fedgazette

Metro Outlook '98

Ninth District metro areas share concerns over tight workforce, downtown viability and other issues

David Fettig - Editor

Published January 1, 1998  |  January 1998 issue

Labor availability tops list for most district metro areas

When job applicants walk into the Town and Country Inn in Rapid City, S.D., the potential new hires are immediately given the caramel candy test, according to owner Gary Brown. "If they unwrap it before they eat it, we hire them," he says with a laugh.

Duane Benson of the Minnesota Business Partnership in Minneapolis tells of an employer that has to help read the job applications to potential employees. Also, a large retailer has begun hiring its holiday crew in August to ensure adequate staffing by the end of the year, and one restaurant has hung a sign announcing that because of labor shortages it can no longer guarantee a 15-minute lunch.

And in Sioux Falls, S.D., a city familiar with labor availability issues and which has advertised nationally for workers, the situation has recently grown more severe. "We've complained about it before, but now it's an acute shortage," says Dan Scott, president of the Sioux Falls Development Foundation. If full employment for Sioux Falls occurs at a 3 percent unemployment rate, he says, then the city—with a 1.4 percent rate in October—is stretched too thin. According to the numbers, Scott says: "We've already got about one-and-a-half percent that shouldn't be working in the first place."

Similar anecdotes and sentiments echo throughout the Ninth District's other metropolitan statistical areas (MSAs). An informal survey of city officials in the district's 13 MSAs—plus Marquette in the Upper Peninsula of Michigan—put workforce issues at the top of nearly every respondent's list of concerns for 1998. [Unemployment rates for the district's MSAs]

For some district MSAs, like those on the extreme western and eastern edges of the district, workforce availability issues are a recent phenomenon, but for many other cities the labor question has been a common refrain in recent years. As Gary Smith, executive vice president of the Rochester Area Economic Development Association, puts it: "We're not unique. Minnesota's not unique. The Midwest is not unique. It's happening all over."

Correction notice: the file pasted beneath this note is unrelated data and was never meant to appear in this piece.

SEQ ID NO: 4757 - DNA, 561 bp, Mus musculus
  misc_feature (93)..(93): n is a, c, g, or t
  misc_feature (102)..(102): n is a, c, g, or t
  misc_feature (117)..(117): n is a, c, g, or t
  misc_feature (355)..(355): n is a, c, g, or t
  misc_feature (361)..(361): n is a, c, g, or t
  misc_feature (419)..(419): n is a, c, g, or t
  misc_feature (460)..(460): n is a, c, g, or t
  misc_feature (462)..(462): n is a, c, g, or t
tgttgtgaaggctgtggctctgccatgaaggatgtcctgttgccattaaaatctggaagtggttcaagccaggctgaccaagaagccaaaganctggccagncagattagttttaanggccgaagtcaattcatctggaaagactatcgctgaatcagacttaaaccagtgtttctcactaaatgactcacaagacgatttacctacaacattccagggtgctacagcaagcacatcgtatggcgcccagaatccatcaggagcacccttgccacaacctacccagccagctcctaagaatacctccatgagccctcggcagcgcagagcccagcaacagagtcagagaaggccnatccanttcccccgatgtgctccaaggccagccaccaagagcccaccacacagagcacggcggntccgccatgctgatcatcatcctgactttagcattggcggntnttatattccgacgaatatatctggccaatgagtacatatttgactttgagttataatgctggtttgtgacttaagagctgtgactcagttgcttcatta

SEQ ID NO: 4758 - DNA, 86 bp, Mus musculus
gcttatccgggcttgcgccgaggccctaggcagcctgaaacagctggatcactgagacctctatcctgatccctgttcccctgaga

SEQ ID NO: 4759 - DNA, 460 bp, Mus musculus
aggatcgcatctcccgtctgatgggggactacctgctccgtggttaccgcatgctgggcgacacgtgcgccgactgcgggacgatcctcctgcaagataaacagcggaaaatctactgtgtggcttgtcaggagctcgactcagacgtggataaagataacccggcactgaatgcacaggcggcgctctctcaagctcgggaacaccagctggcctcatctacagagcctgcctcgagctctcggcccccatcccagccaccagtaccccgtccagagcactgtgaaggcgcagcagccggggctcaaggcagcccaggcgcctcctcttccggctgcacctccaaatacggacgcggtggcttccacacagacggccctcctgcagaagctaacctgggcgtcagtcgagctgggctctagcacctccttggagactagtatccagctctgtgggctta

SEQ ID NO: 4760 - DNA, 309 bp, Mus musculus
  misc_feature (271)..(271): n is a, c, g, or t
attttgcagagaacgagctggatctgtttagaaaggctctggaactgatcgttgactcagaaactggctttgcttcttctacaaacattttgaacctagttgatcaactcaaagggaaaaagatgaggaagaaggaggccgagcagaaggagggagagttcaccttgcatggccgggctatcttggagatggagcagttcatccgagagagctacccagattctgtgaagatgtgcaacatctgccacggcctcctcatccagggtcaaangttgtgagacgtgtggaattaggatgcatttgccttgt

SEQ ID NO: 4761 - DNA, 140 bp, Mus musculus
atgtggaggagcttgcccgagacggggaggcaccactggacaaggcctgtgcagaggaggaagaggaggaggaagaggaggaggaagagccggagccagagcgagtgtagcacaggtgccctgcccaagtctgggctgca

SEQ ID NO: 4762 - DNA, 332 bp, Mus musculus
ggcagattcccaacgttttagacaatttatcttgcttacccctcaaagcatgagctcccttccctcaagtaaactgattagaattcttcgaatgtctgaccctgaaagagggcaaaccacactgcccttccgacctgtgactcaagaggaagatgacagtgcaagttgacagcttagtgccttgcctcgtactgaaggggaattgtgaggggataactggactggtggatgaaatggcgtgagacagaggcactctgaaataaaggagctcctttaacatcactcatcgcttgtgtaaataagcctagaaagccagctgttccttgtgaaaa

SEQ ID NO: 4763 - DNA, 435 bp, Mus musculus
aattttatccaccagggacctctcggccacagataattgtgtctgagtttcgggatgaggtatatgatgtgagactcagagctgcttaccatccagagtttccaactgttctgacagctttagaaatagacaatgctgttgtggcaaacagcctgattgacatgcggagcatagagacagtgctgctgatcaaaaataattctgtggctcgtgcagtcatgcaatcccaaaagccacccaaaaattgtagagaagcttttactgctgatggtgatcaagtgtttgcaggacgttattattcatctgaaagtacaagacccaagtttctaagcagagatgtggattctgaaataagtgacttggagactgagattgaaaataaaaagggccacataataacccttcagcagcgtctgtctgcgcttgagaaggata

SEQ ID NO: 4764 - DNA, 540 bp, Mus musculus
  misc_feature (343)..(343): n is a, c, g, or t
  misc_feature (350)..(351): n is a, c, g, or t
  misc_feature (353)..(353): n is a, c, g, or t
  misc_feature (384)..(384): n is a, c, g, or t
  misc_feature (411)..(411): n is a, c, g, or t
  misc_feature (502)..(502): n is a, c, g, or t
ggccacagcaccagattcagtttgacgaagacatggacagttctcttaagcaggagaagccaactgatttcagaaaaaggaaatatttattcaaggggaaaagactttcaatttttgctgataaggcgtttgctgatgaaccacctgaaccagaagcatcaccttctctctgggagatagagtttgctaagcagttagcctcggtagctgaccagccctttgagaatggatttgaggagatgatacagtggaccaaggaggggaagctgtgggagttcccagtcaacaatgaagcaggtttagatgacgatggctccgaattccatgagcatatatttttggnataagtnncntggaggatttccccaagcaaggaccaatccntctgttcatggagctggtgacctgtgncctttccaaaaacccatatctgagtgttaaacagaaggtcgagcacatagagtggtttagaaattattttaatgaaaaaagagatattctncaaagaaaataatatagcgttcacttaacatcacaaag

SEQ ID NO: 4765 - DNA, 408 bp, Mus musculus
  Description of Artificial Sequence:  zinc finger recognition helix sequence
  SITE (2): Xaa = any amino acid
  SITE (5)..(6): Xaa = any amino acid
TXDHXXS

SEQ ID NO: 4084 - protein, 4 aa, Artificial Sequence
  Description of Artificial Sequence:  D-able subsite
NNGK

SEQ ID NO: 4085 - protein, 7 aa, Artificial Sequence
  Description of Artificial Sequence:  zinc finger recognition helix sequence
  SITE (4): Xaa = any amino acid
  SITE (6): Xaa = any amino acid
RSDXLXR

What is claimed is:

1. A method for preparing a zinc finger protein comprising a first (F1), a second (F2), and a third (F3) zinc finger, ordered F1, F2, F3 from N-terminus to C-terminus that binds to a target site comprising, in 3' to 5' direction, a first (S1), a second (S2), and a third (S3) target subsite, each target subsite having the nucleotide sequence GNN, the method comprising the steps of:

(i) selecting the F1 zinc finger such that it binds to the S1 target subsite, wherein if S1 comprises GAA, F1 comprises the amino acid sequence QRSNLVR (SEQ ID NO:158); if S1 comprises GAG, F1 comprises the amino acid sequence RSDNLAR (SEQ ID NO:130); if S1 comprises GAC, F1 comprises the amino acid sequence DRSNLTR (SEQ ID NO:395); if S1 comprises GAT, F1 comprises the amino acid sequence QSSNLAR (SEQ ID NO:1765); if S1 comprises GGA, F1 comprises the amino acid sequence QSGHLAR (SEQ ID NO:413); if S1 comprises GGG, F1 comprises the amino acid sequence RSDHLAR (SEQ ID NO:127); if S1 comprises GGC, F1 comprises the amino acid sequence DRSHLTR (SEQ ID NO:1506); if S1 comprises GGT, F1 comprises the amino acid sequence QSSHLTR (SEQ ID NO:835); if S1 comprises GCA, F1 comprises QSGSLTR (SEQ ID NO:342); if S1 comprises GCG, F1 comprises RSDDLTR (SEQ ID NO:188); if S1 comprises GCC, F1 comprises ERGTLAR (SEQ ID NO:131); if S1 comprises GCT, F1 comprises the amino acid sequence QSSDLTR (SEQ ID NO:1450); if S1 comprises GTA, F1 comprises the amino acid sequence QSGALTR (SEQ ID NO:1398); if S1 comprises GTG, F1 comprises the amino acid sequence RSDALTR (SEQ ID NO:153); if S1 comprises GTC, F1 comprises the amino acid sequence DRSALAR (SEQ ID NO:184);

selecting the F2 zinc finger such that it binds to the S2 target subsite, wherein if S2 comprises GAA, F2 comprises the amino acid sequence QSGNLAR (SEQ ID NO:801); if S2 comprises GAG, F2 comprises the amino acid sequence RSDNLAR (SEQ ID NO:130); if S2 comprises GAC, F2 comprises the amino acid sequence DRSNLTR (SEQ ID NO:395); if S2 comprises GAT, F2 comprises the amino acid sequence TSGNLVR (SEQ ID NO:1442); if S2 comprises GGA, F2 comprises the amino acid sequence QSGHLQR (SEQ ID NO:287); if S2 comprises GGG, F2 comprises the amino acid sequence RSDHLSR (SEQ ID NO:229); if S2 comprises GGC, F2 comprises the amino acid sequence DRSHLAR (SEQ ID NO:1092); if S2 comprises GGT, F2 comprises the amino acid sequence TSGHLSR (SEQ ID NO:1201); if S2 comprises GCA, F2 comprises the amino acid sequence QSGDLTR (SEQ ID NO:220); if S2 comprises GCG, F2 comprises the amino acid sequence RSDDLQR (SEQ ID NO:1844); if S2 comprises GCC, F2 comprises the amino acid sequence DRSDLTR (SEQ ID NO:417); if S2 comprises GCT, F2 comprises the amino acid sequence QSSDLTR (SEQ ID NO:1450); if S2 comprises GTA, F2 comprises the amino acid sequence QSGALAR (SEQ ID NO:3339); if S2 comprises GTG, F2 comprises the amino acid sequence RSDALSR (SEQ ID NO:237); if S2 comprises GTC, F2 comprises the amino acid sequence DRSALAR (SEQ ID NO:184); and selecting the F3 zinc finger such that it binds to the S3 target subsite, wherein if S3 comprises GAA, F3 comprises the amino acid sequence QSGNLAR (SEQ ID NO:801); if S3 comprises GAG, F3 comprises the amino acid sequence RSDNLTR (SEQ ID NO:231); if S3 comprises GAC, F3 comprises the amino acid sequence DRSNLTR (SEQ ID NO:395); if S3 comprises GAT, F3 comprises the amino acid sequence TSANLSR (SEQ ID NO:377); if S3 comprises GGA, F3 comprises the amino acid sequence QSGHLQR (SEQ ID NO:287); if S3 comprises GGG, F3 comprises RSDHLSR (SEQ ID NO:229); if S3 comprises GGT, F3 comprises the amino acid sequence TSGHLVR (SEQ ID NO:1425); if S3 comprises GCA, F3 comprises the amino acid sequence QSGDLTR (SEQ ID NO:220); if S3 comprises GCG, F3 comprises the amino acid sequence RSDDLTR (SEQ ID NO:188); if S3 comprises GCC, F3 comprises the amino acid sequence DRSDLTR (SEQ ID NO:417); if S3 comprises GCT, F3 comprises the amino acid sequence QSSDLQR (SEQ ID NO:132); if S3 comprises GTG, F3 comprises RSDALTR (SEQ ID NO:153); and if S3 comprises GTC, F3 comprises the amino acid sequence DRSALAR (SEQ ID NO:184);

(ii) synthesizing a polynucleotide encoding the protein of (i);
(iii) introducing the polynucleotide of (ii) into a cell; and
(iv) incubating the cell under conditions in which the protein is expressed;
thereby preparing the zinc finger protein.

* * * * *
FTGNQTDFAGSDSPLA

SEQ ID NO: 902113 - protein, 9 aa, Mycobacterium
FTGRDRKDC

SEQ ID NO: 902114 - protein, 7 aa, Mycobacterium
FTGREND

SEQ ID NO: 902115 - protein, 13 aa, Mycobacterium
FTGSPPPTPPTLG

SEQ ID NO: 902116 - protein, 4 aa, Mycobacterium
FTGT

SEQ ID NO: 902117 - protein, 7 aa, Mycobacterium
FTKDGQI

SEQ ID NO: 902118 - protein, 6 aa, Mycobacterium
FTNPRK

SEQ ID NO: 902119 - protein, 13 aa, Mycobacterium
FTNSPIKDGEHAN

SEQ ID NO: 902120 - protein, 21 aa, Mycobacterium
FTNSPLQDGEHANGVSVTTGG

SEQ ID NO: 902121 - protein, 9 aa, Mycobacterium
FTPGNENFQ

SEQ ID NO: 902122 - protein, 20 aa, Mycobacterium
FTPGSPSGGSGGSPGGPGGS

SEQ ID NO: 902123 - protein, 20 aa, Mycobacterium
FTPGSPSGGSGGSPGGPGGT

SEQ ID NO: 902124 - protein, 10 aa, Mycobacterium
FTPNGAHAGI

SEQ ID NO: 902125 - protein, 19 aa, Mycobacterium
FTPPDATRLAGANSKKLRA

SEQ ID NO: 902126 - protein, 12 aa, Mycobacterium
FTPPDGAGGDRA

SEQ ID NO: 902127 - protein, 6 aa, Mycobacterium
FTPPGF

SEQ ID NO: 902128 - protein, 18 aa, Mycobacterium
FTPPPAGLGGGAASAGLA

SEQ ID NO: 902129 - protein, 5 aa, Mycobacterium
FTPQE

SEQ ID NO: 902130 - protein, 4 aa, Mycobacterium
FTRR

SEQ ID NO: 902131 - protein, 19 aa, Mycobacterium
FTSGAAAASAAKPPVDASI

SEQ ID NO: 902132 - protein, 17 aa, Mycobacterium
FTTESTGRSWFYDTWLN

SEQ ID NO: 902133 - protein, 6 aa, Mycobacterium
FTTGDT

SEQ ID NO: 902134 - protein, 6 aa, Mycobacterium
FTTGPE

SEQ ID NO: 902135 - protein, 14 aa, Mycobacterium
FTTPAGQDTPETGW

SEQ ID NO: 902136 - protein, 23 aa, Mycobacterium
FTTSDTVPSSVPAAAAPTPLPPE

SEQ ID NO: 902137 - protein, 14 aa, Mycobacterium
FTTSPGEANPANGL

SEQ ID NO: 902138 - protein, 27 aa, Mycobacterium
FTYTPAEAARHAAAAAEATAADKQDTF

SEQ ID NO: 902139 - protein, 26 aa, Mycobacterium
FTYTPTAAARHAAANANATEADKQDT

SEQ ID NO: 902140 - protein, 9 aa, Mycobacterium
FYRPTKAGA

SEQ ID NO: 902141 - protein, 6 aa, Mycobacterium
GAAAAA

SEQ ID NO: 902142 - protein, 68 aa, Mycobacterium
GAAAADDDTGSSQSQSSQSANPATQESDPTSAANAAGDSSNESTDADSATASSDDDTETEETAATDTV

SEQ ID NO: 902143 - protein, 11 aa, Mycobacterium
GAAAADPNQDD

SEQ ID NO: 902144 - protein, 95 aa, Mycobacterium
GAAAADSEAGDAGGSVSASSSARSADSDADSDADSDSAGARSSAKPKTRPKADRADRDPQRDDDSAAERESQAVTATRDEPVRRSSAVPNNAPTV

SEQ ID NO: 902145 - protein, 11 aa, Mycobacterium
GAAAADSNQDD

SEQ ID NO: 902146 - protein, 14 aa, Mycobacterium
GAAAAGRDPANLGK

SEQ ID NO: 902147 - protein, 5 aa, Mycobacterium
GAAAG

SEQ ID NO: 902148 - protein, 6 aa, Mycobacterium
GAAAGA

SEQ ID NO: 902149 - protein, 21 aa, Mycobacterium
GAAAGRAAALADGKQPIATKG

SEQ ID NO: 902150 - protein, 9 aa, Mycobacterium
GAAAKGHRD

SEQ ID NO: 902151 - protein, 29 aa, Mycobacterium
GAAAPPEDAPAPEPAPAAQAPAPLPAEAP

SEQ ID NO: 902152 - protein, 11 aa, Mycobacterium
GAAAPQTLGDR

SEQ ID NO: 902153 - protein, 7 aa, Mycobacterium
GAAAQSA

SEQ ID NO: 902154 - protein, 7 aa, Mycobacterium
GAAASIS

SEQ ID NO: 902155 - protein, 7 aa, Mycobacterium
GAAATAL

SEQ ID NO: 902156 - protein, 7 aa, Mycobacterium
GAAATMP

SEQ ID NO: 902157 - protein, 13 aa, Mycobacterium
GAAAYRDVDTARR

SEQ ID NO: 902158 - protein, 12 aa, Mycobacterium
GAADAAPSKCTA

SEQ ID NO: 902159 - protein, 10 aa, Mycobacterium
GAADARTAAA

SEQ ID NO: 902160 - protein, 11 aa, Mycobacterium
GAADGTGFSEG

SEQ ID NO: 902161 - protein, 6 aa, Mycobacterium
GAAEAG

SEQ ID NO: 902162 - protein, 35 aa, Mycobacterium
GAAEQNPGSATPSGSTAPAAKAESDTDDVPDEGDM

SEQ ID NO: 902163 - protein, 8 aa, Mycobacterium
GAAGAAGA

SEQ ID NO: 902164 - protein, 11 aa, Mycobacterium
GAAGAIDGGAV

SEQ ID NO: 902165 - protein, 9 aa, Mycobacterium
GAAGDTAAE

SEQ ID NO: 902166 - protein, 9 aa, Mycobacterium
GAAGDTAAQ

What to do?

And the ways that communities have been dealing with the issue of labor availability are also similar: training programs, dependence on population growth, job fairs and working with local colleges and technical schools to meet the needs for specialized labor. The skills needed aren't just for high-tech jobs associated with computers, communications or specialized manufacturing, but such jobs as electrician, plumber and auto technician, says Tracy Grindberg, vice president of the Fargo-Cass County Economic Development Corp.

One Fargo, N.D., auto dealership has begun a program that employs up to 10 high school students for two hours a day in the auto repair shop; if the students are interested in the work, the dealership will help fund a two-year degree if the student agrees to work at the dealership upon graduation. "We have to change the attitudes about the absolute necessity of a four-year degree," Grindberg says. "Today's auto technician can earn forty to fifty thousand in a few years."

This view is shared by Tim Ryan of the High Plains Development Authority in Great Falls, Mont., a city that is beginning to feel the pinch from a lack of skilled labor. "We're trying to encourage schools not to discourage kids from the trades," he says.

In the past, when companies were looking to expand or open new shops, they first looked at such issues as transportation and infrastructure, says Russell Staiger, president of the Bismarck-Mandan, N.D., Development Association, now it's the workforce. What is important to convey to those companies is that the low unemployment rate is not necessarily a true picture of the labor situation, Staiger says. "We have a tremendous workforce that's underemployed." He says the local workforce is well educated, easy to train and ready to fill more demanding jobs. "This is a revelation for some companies," he says.

St. Cloud, Minn., had a revelation of its own when it held a job fair in October, according to David O'Gorman, development coordinator for the St. Cloud Area Economic Development Partnership. More than 1,700 attended the job fair, twice as many as expected, and the job fair wasn't even advertised, says O'Gorman. And that only reinforces the point, O'Gorman says: Unemployment rates may be low, but people are still looking for better jobs.

Some cities, like La Crosse, Wis., will continue to depend on population growth to meet labor demand. "We're still seeing an influx of about 1,000 people a year and that amount of job growth," says Tim Tracy, president of the Greater La Crosse Area Chamber of Commerce. "We're still filling those gaps."

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